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Defined benefit company pensions and corporate valuations: simulation and empirical evidence from the United Kingdom

  • Kamakshya Trivedi
  • Garry Young

This paper examines the role of defined benefit company pensions in amplifying the effect of common shocks to companies' stock market valuations. It identifies and evaluates the significance of two channels of amplification: cross-holdings of equities in pension schemes, and leverage induced by pension liabilities. Econometric analysis of weekly stock market data for a sample of FTSE 350 UK companies confirm that these effects are statistically significant and robust to outlying observations.

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File URL: http://www.bankofengland.co.uk/research/Documents/workingpapers/2006/WP289.pdf
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Paper provided by Bank of England in its series Bank of England working papers with number 289.

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Date of creation: Mar 2006
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Handle: RePEc:boe:boeewp:289
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  1. Jeremy I. Bulow & Randall Morck & Lawrence H. Summers, 1985. "How Does the Market Value Unfunded Pension Liabilities?," NBER Working Papers 1602, National Bureau of Economic Research, Inc.
  2. Kenneth A. Froot & Andre F. Perold & Jeremy C. Stein, 1992. "Shareholder Trading Practices And Corporate Investment Horizons," Journal of Applied Corporate Finance, Morgan Stanley, vol. 5(2), pages 42-58.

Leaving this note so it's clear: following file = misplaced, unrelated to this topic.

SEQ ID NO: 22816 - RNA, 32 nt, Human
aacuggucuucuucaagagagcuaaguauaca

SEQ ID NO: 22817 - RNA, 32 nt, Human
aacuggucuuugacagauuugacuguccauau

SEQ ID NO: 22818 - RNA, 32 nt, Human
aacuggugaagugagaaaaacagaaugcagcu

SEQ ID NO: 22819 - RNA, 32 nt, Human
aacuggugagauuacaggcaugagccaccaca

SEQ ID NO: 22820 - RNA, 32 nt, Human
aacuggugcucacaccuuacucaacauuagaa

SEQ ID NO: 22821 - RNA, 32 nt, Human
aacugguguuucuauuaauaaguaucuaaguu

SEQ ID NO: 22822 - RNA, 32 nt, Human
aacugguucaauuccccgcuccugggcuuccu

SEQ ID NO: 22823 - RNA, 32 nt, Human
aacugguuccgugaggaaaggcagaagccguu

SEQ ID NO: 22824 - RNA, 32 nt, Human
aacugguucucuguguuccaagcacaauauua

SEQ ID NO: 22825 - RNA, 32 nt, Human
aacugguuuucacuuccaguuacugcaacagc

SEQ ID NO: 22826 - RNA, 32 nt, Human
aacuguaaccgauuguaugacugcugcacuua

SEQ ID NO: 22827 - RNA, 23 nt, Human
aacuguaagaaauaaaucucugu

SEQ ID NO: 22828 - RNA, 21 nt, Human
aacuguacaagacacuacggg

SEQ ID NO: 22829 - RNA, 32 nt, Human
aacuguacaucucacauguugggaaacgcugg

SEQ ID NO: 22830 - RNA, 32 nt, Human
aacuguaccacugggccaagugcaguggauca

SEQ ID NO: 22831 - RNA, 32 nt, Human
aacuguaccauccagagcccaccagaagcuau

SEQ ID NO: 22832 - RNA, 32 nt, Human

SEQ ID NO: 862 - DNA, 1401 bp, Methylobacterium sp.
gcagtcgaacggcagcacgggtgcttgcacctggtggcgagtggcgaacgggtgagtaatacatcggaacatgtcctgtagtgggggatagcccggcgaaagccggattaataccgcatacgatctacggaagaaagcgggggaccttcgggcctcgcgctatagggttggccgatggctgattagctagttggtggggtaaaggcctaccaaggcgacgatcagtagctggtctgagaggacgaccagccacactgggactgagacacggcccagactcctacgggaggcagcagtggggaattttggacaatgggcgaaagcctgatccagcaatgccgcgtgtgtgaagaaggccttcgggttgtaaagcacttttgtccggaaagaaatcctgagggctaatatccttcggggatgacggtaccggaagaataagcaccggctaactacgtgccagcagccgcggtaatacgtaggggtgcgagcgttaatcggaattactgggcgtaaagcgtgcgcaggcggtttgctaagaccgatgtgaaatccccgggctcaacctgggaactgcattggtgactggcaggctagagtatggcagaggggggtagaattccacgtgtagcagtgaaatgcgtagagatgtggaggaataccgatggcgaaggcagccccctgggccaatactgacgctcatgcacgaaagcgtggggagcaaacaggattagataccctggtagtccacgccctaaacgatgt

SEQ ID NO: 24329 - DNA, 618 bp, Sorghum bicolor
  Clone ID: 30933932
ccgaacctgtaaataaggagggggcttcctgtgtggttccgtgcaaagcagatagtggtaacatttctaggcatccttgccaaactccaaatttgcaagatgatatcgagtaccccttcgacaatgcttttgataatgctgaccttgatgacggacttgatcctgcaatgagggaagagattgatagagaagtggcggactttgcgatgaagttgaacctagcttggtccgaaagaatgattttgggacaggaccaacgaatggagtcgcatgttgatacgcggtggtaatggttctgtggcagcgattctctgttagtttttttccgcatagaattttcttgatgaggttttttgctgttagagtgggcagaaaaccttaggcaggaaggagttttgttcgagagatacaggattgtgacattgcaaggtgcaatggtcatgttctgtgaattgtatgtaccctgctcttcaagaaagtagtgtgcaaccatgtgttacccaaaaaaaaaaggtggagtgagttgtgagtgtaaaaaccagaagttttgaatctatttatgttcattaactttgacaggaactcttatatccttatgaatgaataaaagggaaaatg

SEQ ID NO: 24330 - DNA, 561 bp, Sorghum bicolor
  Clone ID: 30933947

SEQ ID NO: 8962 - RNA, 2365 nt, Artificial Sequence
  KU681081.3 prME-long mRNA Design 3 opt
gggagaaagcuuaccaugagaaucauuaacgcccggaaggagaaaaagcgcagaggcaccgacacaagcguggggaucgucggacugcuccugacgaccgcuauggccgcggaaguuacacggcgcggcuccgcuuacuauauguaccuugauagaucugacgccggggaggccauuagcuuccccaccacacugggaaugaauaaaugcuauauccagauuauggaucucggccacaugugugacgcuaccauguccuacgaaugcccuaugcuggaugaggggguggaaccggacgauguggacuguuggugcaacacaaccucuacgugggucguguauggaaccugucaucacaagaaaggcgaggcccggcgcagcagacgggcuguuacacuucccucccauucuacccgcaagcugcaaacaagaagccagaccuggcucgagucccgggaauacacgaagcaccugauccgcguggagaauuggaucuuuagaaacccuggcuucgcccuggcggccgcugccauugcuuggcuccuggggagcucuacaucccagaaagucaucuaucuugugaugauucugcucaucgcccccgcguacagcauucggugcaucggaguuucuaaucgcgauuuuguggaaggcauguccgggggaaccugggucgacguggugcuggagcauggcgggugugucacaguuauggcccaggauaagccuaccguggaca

3. Andrei Shleifer & Robert W. Vishny, 1995. "The Limits of Arbitrage," NBER Working Papers 5167, National Bureau of Economic Research, Inc.
  4. Martin Feldstein & Randall Morck, 1983. "Pension Funding Decisions, Interest Rate Assumptions, and Share Prices," NBER Chapters, in: Financial Aspects of the United States Pension System, pages 177-210 National Bureau of Economic Research, Inc.
  5. Julia Lynn Coronado & Steven A. Sharpe, 2003. "Did Pension Plan Accounting Contribute to a Stock Market Bubble?," Brookings Papers on Economic Activity, Economic Studies Program, The Brookings Institution, vol. 34(1), pages 323-371.
  6. Zvi Bodie & John B. Shoven, 1983. "Financial Aspects of the United States Pension System," NBER Books, National Bureau of Economic Research, Inc, number bodi83-1, September.
  7. Temple, Jonathan, 2000. "Growth Regressions and What the Textbooks Don't Tell You," Bulletin of Economic Research, Wiley Blackwell, vol. 52(3), pages 181-205, July.
  8. E. Philip Davis, 2000. "Regulation of private pensions : a case study of the UK," Revue d'Économie Financière, Programme National Persée, vol. 60(5), pages 175-192.
  9. Bhandari, Laxmi Chand, 1988. " Debt/Equity Ratio and Expected Common Stock Returns: Empirical Evidence," Journal of Finance, American Finance Association, vol. 43(2), pages 507-28, June.
  10. Exley, C.J. & Mehta, S.J.B. & Smith, A.D., 1997. "The Financial Theory of Defined Benefit Pension Schemes," British Actuarial Journal, Cambridge University Press, vol. 3(04), pages 835-966, October.
  11. Baiman, Stanley & Verrecchia, Robert E., 1995. "Earnings and price-based compensation contracts in the presence of discretionary trading and incomplete contracting," Journal of Accounting and Economics, Elsevier, vol. 20(1), pages 93-121, July.
  12. Zvi Bodie & John B. Shoven & David A. Wise, 1987. "Issues in Pension Economics," NBER Books, National Bureau of Economic Research, Inc, number bodi87-1, September.
  13. Fama, Eugene F & French, Kenneth R, 1992. " The Cross-Section of Expected Stock Returns," Journal of Finance, American Finance Association, vol. 47(2), pages 427-65, June.
  14. Cocco, Joâo Francisco P.D. & Volpin, Paolo, 2005. "The Corporate Governance of Defined-Benefit Pension Plans: Evidence from the United Kingdom," CEPR Discussion Papers 4932, C.E.P.R. Discussion Papers.
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